A Maryland law that allows for the suspension of driver’s licenses over unpaid court fines or fees is on the chopping block.
Maryland Attorney General Brian Frosh joined state lawmakers in Annapolis to call for an end to the practice of suspending people’s driver’s licenses because they failed to pay a court fee or fine.
State Del. Brooke Lierman, a Democrat who represents Baltimore City, said the practice leads to what she calls the “criminalization of poverty.”
Frosh said it is possible that tens of thousands of Marylanders could be affected by the bill.
At a news conference on Wednesday, Jason Butler, of Baltimore, joined Frosh, Lierman and other lawmakers and explained how a single traffic stop spiraled into a chain of events that led to spending a month in jail and winding up with a record — something that has hurt him when looking for work.
Butler explained that in 2008, he was pulled over for a failure to signal. Butler, a father of four, was struggling to pay bills at the time, and getting the fine cleared up took a back seat to other basic expenses.
Eventually, he learned that his license had been suspended. When he went to court, he took public transportation because, he explained, he didn’t want to drive on a suspended license.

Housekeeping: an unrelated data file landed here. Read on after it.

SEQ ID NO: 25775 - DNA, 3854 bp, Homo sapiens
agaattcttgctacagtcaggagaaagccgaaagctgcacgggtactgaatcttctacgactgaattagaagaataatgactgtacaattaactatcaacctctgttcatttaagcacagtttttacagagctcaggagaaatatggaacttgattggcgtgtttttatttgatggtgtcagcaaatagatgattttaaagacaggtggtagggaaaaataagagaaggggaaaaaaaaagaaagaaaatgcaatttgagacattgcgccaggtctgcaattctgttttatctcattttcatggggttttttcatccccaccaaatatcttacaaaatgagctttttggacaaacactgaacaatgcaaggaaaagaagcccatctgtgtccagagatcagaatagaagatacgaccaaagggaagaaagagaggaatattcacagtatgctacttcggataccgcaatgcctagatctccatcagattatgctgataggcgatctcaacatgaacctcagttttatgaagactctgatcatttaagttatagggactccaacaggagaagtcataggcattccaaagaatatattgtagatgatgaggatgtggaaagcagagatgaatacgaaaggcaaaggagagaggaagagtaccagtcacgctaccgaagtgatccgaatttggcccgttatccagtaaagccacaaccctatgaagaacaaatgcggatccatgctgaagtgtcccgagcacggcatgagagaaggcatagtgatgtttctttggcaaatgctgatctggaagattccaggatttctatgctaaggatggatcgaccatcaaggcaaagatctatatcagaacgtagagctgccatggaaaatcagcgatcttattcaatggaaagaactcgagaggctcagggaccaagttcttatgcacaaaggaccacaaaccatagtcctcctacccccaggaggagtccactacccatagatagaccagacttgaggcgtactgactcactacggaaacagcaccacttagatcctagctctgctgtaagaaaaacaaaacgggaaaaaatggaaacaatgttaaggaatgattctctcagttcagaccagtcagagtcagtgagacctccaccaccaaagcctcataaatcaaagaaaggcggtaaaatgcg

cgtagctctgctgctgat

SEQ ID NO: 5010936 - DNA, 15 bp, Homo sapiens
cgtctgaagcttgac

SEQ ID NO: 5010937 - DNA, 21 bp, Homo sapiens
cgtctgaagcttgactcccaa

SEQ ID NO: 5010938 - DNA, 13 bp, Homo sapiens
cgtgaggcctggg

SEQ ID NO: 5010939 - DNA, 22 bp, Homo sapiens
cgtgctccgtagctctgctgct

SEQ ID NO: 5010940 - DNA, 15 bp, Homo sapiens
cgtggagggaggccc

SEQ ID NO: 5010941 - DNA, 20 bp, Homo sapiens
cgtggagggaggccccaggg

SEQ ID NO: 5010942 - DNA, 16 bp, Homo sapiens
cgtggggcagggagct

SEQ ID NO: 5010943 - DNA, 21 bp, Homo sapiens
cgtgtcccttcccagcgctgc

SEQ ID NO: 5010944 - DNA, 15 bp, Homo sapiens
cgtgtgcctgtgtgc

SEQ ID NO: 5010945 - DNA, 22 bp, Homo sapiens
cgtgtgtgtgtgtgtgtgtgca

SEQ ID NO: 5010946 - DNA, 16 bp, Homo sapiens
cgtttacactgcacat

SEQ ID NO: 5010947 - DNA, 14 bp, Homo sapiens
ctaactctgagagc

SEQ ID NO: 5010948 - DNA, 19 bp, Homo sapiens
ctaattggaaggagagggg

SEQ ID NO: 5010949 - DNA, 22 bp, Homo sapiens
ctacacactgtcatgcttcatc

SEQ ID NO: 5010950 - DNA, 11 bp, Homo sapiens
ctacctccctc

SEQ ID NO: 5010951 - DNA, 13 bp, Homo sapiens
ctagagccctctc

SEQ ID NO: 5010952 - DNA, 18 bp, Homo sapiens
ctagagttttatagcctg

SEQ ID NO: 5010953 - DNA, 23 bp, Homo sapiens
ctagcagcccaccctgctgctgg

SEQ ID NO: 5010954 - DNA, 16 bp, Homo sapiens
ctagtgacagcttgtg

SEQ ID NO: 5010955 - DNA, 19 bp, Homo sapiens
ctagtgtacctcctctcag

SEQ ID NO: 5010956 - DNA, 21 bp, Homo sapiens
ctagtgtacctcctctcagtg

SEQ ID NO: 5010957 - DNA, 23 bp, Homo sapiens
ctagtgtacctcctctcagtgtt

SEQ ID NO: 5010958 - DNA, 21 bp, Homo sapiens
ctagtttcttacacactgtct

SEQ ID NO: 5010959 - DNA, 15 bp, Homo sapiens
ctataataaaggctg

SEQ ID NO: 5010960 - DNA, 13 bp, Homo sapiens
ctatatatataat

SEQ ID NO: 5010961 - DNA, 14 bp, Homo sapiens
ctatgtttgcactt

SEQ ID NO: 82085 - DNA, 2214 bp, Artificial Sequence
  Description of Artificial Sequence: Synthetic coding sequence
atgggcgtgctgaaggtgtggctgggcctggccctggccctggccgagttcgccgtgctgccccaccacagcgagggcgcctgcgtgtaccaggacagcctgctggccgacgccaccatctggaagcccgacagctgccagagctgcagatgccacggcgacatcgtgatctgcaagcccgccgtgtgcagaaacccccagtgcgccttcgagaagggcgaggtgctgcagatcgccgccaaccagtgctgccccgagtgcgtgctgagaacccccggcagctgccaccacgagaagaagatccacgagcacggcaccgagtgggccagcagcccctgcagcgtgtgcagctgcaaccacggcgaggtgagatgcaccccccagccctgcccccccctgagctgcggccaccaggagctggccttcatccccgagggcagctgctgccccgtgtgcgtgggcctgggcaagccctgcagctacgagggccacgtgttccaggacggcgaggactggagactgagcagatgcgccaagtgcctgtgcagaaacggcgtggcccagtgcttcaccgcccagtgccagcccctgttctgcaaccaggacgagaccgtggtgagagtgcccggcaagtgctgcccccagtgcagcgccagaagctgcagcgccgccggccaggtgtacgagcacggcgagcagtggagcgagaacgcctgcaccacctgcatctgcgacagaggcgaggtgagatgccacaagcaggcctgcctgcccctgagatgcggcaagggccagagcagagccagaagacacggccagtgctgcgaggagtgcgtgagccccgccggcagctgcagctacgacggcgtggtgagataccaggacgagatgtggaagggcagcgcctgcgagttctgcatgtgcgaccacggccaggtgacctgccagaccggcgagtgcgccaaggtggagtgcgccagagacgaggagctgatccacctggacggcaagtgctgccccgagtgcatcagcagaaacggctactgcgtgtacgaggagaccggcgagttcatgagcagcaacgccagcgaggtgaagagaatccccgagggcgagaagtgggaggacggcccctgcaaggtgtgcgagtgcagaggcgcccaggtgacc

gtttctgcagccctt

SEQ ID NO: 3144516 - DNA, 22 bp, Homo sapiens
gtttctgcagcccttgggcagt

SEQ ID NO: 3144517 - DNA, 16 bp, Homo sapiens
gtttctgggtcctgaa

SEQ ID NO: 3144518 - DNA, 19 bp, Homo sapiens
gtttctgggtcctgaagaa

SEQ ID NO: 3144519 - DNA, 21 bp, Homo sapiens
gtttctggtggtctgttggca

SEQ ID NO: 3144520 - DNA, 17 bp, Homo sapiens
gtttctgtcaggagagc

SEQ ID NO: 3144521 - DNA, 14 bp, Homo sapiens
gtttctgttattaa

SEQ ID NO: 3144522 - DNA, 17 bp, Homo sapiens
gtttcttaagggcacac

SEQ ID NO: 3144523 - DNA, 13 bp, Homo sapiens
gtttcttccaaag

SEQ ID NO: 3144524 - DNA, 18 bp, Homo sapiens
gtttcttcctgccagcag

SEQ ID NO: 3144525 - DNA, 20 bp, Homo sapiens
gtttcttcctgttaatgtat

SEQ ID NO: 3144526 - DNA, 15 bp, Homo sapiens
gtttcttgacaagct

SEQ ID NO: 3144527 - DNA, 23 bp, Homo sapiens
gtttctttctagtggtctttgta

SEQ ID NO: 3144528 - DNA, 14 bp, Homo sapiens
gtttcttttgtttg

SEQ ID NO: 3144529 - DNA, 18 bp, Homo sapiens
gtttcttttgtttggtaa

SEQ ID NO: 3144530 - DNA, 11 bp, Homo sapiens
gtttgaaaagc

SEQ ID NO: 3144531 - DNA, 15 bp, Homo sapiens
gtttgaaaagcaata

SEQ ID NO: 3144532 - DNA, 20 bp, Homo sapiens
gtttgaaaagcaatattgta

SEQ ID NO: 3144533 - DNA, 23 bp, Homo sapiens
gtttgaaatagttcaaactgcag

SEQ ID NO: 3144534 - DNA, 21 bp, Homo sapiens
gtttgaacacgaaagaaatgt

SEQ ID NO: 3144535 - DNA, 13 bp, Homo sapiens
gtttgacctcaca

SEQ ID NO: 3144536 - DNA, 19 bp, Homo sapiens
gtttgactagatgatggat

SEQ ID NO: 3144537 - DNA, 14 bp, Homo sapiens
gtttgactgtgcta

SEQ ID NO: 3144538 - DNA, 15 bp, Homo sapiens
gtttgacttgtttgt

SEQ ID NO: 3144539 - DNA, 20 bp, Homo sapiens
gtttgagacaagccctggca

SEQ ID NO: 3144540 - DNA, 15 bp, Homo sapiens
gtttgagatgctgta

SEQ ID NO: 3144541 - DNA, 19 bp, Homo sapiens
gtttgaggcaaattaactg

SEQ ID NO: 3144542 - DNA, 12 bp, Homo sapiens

Butler was 15 minutes late to court, and let a bailiff know. Butler said the bailiff told him to “sit tight.”
“The next thing I know, they put me in shackles and told me that I was going to be detained on a bench warrant until my case was recalled,” Butler said.
Unable to pay, Butler ended up spending a month in jail.
“I wound up losing my job, lost my apartment — it was rough” Butler said. “The worst part about it is gaining potential employment going forward — that arrest is on my record.”
Butler said the irony is that in order to pay a ticket, people have to get to work; but if their license is suspended, they can’t make the money they need to meet their obligations and that can cascade into the kind of situation he experienced.
The legislation to ban the practice of license suspensions over debt has bipartisan support.
Republican Sen. Chris West said drivers who do commit traffic infractions and can’t pay “would not get off scot-free” under the legislation. West said the state could recover the fees with civil action.
The bill has the support of Sen. Will Smith, Chair of the Judicial Proceedings Committee, and Senate President Bill Ferguson.